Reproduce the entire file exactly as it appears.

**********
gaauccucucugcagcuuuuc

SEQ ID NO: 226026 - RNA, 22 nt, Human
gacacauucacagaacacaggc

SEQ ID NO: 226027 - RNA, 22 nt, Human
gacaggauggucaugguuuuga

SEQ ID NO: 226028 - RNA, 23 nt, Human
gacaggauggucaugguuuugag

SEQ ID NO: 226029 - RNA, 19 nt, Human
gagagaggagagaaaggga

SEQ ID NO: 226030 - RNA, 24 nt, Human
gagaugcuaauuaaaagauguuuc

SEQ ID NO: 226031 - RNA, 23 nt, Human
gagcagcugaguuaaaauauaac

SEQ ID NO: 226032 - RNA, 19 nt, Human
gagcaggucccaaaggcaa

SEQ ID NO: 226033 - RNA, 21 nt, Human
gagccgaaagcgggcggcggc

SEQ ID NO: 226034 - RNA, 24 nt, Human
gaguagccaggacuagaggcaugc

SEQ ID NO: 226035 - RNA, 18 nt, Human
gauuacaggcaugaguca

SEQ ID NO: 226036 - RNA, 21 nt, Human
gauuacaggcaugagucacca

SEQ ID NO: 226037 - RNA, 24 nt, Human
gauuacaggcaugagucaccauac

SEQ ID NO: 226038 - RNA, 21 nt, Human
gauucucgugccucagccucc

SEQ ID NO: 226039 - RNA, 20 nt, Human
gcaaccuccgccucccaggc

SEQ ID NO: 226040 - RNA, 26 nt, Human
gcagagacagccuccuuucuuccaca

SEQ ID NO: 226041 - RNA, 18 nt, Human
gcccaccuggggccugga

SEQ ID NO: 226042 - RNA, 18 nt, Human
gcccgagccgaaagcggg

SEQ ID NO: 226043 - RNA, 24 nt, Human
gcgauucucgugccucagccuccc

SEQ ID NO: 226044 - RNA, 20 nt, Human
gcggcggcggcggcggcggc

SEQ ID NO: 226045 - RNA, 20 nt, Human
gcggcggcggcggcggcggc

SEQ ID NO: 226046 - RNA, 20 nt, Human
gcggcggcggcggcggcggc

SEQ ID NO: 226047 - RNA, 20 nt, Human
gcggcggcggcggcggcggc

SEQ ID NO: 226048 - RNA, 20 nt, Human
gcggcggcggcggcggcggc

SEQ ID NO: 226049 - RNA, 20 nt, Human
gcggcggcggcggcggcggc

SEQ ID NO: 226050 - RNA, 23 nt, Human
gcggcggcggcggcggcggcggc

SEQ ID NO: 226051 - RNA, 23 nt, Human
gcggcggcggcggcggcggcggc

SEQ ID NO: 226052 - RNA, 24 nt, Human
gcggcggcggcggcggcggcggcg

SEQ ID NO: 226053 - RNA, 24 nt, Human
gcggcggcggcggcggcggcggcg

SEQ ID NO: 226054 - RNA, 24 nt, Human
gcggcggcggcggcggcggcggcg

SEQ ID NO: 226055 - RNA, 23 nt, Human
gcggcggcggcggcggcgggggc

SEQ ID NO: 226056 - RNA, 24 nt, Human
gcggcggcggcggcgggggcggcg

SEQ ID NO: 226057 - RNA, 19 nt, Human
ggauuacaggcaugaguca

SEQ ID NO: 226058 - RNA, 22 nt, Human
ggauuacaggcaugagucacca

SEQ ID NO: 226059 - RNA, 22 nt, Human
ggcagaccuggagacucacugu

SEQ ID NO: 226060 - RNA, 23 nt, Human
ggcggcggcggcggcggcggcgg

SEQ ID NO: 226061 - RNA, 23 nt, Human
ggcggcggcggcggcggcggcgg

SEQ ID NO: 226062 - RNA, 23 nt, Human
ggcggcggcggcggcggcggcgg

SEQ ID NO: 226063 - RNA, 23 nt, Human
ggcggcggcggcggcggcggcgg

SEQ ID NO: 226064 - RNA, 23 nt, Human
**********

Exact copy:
gaauccucucugcagcuuuuc

SEQ ID NO: 226026 - RNA, 22 nt, Human
gacacauucacagaacacaggc

SEQ ID NO: 226027 - RNA, 22 nt, Human
gacaggauggucaugguuuuga

SEQ ID NO: 226028 - RNA, 23 nt, Human
gacaggauggucaugguuuugag

SEQ ID NO: 226029 - RNA, 19 nt, Human
gagagaggagagaaaggga

SEQ ID NO: 226030 - RNA, 24 nt, Human
gagaugcuaauuaaaagauguuuc

SEQ ID NO: 226031 - RNA, 23 nt, Human
gagcagcugaguuaaaauauaac

SEQ ID NO: 226032 - RNA, 19 nt, Human
gagcaggucccaaaggcaa

SEQ ID NO: 226033 - RNA, 21 nt, Human
gagccgaaagcgggcggcggc

SEQ ID NO: 226034 - RNA, 24 nt, Human
gaguagccaggacuagaggcaugc

SEQ ID NO: 226035 - RNA, 18 nt, Human
gauuacaggcaugaguca

SEQ ID NO: 226036 - RNA, 21 nt, Human
gauuacaggcaugagucacca

SEQ ID NO: 226037 - RNA, 24 nt, Human
gauuacaggcaugagucaccauac

SEQ ID NO: 226038 - RNA, 21 nt, Human
gauucucgugccucagccucc

SEQ ID NO: 226039 - RNA, 20 nt, Human
gcaaccuccgccucccaggc

SEQ ID NO: 226040 - RNA, 26 nt, Human
gcagagacagccuccuuucuuccaca

SEQ ID NO: 226041 - RNA, 18 nt, Human
gcccaccuggggccugga

SEQ ID NO: 226042 - RNA, 18 nt, Human
gcccgagccgaaagcggg

SEQ ID NO: 226043 - RNA, 24 nt, Human
gcgauucucgugccucagccuccc

SEQ ID NO: 226044 - RNA, 20 nt, Human
gcggcggcggcggcggcggc

SEQ ID NO: 226045 - RNA, 20 nt, Human
gcggcggcggcggcggcggc

SEQ ID NO: 226046 - RNA, 20 nt, Human
gcggcggcggcggcggcggc

SEQ ID NO: 226047 - RNA, 20 nt, Human
gcggcggcggcggcggcggc

SEQ ID NO: 226048 - RNA, 20 nt, Human
gcggcggcggcggcggcggc

SEQ ID NO: 226049 - RNA, 20 nt, Human
gcggcggcggcggcggcggc

SEQ ID NO: 226050 - RNA, 23 nt, Human
gcggcggcggcggcggcggcggc

SEQ ID NO: 226051 - RNA, 23 nt, Human
gcggcggcggcggcggcggcggc

SEQ ID NO: 226052 - RNA, 24 nt, Human
gcggcggcggcggcggcggcggcg

SEQ ID NO: 226053 - RNA, 24 nt, Human
gcggcggcggcggcggcggcggcg

SEQ ID NO: 226054 - RNA, 24 nt, Human
gcggcggcggcggcggcggcggcg

SEQ ID NO: 226055 - RNA, 23 nt, Human
gcggcggcggcggcggcgggggc

SEQ ID NO: 226056 - RNA, 24 nt, Human
gcggcggcggcggcgggggcggcg

SEQ ID NO: 226057 - RNA, 19 nt, Human
ggauuacaggcaugaguca

SEQ ID NO: 226058 - RNA, 22 nt, Human
ggauuacaggcaugagucacca

SEQ ID NO: 226059 - RNA, 22 nt, Human
ggcagaccuggagacucacugu

SEQ ID NO: 226060 - RNA, 23 nt, Human
ggcggcggcggcggcggcggcgg

SEQ ID NO: 226061 - RNA, 23 nt, Human
ggcggcggcggcggcggcggcgg

SEQ ID NO: 226062 - RNA, 23 nt, Human
ggcggcggcggcggcggcggcgg

SEQ ID NO: 226063 - RNA, 23 nt, Human
ggcggcggcggcggcggcggcgg

SEQ ID NO: 226064 - RNA, 23 nt, Human